At the ROM  - live broadcast from the deck of the wreck of the Erebus
got just one question in this afternoon at a packed media event, organized to watch in real time footage being shot on the wreck of the HMS Erebus under the ice in Canada's high arctic. When can sport divers like me dive on this recently discovered 19th century 4-masted schooner?
When the divers turned off their cameras underwater, Marc-André Bernier, underwater archaeologist and Head of the Underwater Archaeology Team at Parks Canada, held a Question and Answer session with Toronto reporters while standing in a tent, on the ice, near the dive hole over the wreck of the Erebus.

" The 9 ft of ice not withstanding, today's dive on the Erebus looked pretty easy - good viz, sport diver depth and current free." I asked Bernier, " will sport divers be allowed to dive on the Erebus?"

The answer? "We hope so. Parks Canada has a good track record (of giving divers access to shipwrecks managed by the Federal Service)." Bernier said that Parks Canada want Canadians to see this national treasure!

Although today's dive meant diving through the ice into -2 C degree salt water, with the warming of the Arctic there is a small window each year where divers could get to the Erebus without having to pack chain saws. Most years by late August and early September there are open seas around the Erebus. This April's mission is wrapping up in two or three days because of warming Spring temperatures.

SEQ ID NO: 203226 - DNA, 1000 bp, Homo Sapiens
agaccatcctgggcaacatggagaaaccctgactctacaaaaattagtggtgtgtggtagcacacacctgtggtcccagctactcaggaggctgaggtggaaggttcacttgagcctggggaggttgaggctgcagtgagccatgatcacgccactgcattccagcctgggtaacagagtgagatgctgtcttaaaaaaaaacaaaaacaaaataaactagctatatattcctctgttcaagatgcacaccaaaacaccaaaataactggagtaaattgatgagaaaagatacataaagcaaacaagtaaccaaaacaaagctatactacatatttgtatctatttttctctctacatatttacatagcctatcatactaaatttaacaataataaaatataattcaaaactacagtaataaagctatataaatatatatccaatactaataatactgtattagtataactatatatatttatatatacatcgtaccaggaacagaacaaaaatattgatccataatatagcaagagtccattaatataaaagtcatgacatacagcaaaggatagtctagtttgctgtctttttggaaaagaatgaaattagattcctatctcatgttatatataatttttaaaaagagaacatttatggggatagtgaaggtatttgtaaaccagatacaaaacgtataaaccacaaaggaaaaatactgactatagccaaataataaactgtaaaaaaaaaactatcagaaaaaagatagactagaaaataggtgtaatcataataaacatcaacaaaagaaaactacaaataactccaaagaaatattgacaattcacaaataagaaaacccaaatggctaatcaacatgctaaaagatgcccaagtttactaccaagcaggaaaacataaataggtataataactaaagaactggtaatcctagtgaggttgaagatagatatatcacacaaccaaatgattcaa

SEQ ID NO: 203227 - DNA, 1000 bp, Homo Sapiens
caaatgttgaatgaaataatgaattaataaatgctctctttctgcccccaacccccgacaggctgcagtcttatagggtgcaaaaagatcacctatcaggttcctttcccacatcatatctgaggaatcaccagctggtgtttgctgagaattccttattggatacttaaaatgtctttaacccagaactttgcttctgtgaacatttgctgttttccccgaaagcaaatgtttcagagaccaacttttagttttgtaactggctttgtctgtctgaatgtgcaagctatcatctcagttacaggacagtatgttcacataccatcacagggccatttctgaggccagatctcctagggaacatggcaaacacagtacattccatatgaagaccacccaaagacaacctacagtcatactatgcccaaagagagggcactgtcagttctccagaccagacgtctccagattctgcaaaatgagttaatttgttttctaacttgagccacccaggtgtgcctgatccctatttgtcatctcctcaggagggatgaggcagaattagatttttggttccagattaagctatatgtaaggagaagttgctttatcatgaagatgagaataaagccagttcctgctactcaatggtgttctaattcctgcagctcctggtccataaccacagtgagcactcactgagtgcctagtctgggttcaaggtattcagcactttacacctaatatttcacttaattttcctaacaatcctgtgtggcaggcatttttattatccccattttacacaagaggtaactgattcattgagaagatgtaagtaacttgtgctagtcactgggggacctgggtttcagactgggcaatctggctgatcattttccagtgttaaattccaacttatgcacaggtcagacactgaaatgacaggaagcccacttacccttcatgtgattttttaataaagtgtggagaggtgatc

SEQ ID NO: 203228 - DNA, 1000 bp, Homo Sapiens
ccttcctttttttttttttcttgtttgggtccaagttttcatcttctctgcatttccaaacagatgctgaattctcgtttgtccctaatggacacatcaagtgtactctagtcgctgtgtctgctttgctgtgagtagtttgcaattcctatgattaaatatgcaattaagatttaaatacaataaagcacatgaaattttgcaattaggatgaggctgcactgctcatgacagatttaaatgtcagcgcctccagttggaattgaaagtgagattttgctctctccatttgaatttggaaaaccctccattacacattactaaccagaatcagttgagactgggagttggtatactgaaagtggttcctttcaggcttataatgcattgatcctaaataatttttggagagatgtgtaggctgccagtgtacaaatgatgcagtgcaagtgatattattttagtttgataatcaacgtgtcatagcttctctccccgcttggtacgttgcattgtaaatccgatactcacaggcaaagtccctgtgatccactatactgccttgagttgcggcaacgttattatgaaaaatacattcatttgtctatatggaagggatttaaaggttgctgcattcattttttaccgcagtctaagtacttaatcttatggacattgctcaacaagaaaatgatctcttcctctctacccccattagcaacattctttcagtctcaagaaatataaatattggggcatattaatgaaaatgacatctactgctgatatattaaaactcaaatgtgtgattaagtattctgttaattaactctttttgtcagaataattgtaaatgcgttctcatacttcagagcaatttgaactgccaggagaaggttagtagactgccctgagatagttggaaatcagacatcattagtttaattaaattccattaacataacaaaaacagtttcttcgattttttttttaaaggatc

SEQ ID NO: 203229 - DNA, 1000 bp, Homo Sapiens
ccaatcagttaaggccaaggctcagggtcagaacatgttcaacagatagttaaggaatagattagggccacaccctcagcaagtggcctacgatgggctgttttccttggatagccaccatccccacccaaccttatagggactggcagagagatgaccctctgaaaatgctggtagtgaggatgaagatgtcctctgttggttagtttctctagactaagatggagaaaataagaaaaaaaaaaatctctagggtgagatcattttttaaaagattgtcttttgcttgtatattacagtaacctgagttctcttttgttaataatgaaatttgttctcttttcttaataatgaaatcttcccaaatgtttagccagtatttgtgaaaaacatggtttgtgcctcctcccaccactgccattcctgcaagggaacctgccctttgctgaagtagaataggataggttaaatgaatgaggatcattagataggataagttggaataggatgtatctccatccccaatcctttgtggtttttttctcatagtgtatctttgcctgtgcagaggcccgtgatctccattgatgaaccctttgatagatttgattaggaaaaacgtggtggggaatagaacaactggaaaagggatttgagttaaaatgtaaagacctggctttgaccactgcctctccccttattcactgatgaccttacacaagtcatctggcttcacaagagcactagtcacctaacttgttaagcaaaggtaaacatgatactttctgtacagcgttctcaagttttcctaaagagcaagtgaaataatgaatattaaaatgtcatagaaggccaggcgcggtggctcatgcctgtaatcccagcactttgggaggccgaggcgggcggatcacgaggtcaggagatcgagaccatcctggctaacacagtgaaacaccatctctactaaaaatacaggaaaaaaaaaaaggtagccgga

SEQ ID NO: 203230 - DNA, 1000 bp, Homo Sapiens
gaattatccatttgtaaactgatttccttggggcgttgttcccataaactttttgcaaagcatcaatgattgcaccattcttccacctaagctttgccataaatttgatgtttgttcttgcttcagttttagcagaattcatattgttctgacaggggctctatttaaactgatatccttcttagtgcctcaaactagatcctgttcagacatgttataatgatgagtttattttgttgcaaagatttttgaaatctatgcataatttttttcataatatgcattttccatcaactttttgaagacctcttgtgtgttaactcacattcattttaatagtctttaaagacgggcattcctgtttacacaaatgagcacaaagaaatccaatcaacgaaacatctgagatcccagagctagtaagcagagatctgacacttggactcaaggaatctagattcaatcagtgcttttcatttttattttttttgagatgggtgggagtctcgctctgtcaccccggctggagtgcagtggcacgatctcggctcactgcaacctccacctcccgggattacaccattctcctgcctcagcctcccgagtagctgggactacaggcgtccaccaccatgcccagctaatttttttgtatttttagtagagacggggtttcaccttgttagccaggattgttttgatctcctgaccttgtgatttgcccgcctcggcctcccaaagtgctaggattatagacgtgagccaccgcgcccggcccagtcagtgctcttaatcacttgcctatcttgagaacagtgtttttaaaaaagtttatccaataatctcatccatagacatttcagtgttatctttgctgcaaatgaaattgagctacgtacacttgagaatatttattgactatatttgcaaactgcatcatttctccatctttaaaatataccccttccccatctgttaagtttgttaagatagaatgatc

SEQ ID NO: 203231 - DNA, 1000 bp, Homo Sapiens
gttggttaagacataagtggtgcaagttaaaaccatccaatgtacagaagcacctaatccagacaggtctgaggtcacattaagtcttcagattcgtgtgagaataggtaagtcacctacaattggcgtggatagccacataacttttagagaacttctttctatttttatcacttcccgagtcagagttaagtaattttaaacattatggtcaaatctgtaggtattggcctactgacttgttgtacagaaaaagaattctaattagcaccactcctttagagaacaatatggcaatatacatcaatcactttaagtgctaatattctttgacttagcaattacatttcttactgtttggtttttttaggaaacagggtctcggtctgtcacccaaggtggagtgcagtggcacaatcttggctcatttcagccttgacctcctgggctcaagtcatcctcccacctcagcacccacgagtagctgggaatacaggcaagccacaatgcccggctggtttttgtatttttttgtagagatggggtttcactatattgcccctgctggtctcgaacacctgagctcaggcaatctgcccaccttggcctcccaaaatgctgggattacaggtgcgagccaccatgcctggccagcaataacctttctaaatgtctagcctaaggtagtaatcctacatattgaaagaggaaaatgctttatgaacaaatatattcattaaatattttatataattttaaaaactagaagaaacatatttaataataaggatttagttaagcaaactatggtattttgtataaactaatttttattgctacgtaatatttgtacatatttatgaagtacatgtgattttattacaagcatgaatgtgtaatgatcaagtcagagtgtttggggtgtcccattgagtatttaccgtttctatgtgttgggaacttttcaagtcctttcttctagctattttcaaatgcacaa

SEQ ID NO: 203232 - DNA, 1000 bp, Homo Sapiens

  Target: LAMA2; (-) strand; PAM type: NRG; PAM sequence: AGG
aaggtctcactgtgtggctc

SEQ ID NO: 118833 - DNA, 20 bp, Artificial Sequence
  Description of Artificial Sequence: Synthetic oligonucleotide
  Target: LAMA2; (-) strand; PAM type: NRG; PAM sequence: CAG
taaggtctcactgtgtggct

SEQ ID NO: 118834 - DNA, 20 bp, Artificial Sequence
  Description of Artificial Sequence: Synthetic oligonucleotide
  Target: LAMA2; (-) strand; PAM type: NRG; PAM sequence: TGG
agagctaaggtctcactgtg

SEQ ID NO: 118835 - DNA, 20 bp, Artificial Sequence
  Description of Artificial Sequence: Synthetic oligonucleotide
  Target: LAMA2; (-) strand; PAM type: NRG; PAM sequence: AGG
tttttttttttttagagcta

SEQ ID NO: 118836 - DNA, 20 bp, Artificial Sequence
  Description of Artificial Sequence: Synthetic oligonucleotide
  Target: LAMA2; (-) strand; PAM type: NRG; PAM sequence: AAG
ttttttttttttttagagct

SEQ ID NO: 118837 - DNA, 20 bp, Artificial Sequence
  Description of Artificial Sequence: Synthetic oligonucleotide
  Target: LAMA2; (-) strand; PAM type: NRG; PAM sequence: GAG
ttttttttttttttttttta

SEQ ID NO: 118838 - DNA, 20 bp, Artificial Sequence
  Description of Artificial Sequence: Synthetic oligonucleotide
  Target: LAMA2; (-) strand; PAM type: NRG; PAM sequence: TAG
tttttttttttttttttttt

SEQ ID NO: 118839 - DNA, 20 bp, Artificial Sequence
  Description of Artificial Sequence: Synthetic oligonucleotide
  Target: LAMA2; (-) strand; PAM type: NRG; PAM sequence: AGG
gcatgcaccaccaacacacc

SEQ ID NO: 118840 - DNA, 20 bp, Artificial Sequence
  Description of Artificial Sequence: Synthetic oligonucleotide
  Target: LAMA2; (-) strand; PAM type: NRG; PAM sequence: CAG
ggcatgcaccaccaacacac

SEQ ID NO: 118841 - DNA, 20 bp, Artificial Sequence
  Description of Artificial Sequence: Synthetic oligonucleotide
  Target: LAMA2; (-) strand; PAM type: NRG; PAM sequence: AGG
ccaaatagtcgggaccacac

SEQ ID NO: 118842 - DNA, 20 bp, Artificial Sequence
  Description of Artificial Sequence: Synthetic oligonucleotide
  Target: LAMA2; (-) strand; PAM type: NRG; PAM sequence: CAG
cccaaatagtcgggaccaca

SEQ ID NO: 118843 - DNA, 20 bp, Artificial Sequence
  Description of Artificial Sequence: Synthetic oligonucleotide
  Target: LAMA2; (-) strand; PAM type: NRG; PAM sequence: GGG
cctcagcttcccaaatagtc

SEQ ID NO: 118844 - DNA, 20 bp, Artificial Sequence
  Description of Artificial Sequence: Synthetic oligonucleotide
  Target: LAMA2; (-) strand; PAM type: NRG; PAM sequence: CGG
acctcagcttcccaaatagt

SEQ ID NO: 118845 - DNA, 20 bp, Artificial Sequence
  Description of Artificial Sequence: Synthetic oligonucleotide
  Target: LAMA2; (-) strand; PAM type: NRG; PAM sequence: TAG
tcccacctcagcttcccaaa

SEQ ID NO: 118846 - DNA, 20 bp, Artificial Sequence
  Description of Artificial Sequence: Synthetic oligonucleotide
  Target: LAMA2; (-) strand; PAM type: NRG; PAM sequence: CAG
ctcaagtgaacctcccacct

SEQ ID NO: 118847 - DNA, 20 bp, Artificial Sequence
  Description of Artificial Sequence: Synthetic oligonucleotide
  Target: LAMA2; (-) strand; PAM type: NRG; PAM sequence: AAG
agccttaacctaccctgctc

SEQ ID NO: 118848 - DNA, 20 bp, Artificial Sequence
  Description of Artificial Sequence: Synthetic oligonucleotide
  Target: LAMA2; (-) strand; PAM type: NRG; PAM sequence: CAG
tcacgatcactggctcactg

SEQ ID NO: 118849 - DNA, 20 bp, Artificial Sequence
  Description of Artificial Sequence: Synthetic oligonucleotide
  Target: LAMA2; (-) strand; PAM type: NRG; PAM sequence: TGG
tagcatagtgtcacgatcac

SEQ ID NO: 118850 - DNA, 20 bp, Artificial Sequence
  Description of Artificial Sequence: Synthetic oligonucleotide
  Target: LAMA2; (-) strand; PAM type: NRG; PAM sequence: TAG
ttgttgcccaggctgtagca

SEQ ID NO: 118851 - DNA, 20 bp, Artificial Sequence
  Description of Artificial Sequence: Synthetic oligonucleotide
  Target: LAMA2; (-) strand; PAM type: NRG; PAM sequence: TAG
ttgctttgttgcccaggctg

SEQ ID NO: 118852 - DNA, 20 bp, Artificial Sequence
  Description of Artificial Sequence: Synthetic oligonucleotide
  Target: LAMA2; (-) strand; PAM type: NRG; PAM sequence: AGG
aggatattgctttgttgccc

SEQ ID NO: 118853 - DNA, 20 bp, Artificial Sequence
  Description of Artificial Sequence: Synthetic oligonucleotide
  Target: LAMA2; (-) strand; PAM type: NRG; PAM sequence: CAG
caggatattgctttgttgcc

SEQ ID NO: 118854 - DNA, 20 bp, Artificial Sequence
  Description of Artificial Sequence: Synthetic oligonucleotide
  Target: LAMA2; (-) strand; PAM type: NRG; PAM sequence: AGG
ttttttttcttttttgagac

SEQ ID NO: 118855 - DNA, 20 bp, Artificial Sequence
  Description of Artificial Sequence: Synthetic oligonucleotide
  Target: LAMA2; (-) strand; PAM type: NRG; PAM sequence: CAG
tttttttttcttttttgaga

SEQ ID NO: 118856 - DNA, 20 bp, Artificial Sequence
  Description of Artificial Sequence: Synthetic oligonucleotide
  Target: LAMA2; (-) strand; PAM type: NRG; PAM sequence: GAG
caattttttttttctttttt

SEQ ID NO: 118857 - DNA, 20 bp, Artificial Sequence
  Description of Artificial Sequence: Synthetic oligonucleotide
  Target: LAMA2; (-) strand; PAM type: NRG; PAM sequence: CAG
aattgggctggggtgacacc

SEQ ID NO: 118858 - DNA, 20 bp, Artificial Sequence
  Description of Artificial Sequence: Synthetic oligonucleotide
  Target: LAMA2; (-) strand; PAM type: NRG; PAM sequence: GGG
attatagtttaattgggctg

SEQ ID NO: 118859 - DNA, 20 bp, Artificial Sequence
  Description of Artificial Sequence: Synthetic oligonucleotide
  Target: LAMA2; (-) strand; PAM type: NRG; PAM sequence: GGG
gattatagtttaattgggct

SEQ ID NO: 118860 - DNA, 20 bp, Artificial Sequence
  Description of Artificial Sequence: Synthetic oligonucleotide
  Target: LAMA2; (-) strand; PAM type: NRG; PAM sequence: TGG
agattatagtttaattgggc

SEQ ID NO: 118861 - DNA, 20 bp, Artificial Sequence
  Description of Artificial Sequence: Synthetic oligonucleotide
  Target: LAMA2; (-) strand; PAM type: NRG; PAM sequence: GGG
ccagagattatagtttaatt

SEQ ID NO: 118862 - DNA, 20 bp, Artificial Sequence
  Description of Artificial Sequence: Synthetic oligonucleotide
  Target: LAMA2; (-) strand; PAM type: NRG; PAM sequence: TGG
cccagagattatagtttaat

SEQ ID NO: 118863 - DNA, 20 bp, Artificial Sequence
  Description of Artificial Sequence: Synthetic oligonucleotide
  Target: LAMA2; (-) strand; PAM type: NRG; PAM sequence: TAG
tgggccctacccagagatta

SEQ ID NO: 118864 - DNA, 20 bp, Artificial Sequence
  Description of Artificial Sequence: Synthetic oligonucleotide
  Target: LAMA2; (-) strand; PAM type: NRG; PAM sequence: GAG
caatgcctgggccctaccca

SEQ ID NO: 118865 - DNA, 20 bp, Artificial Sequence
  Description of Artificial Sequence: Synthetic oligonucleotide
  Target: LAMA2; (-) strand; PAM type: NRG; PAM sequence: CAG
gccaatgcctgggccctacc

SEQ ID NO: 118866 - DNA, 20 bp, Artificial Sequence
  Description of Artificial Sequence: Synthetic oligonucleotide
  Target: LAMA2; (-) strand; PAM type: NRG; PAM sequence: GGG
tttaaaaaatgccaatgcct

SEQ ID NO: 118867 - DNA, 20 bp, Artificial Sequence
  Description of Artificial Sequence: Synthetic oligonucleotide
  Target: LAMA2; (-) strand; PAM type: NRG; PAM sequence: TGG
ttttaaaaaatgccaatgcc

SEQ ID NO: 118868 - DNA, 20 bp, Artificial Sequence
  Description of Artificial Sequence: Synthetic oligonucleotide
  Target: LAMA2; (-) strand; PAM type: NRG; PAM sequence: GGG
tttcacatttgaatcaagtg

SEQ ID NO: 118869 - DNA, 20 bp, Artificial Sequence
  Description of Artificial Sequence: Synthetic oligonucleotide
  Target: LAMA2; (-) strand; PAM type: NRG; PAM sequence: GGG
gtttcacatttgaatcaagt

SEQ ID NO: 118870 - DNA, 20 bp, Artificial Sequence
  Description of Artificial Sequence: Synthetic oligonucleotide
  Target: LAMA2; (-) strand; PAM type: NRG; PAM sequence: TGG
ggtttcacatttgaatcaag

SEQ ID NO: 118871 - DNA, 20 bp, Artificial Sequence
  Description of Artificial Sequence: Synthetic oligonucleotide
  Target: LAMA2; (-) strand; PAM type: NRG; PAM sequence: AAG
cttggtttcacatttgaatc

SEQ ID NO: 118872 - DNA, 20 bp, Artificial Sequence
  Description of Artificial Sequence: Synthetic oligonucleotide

According to Parks Canada the "role in the April ice dive mission: Examine and document the archaeological site, take measurements and document the wreck with photos and videos, and participate in the retrieval of artifacts, if this takes place."
Federal cabinet minister Tony Clement said that this current mission in the arctic is important,
not just in terms of history but in terms of ownership of the Arctic
The live coverage of divers swimming over and around the ship, showed an relatively intact ship. Her masts are gone because of the ice, and some of the decking was removed by the crew after she sank, the cold water has kept her well preserved.
Bernier told the media that they haven't recovered anything so far this April but he hopes to send remote controlled cameras into the holds of the Erebus to look for artifacts.
Following the Question and Answer Period MP Tony Clement, in attendance at the Media briefing held at the ROM, also answered questions. The number one thing the Treasury Board Chairman was asked? How much is this expedition costing? He didn't give out figures, but said it was too important a mission not to undertake and that it is also a matter of Arctic Sovereignty now that the Northwest Passage is open to shipping.


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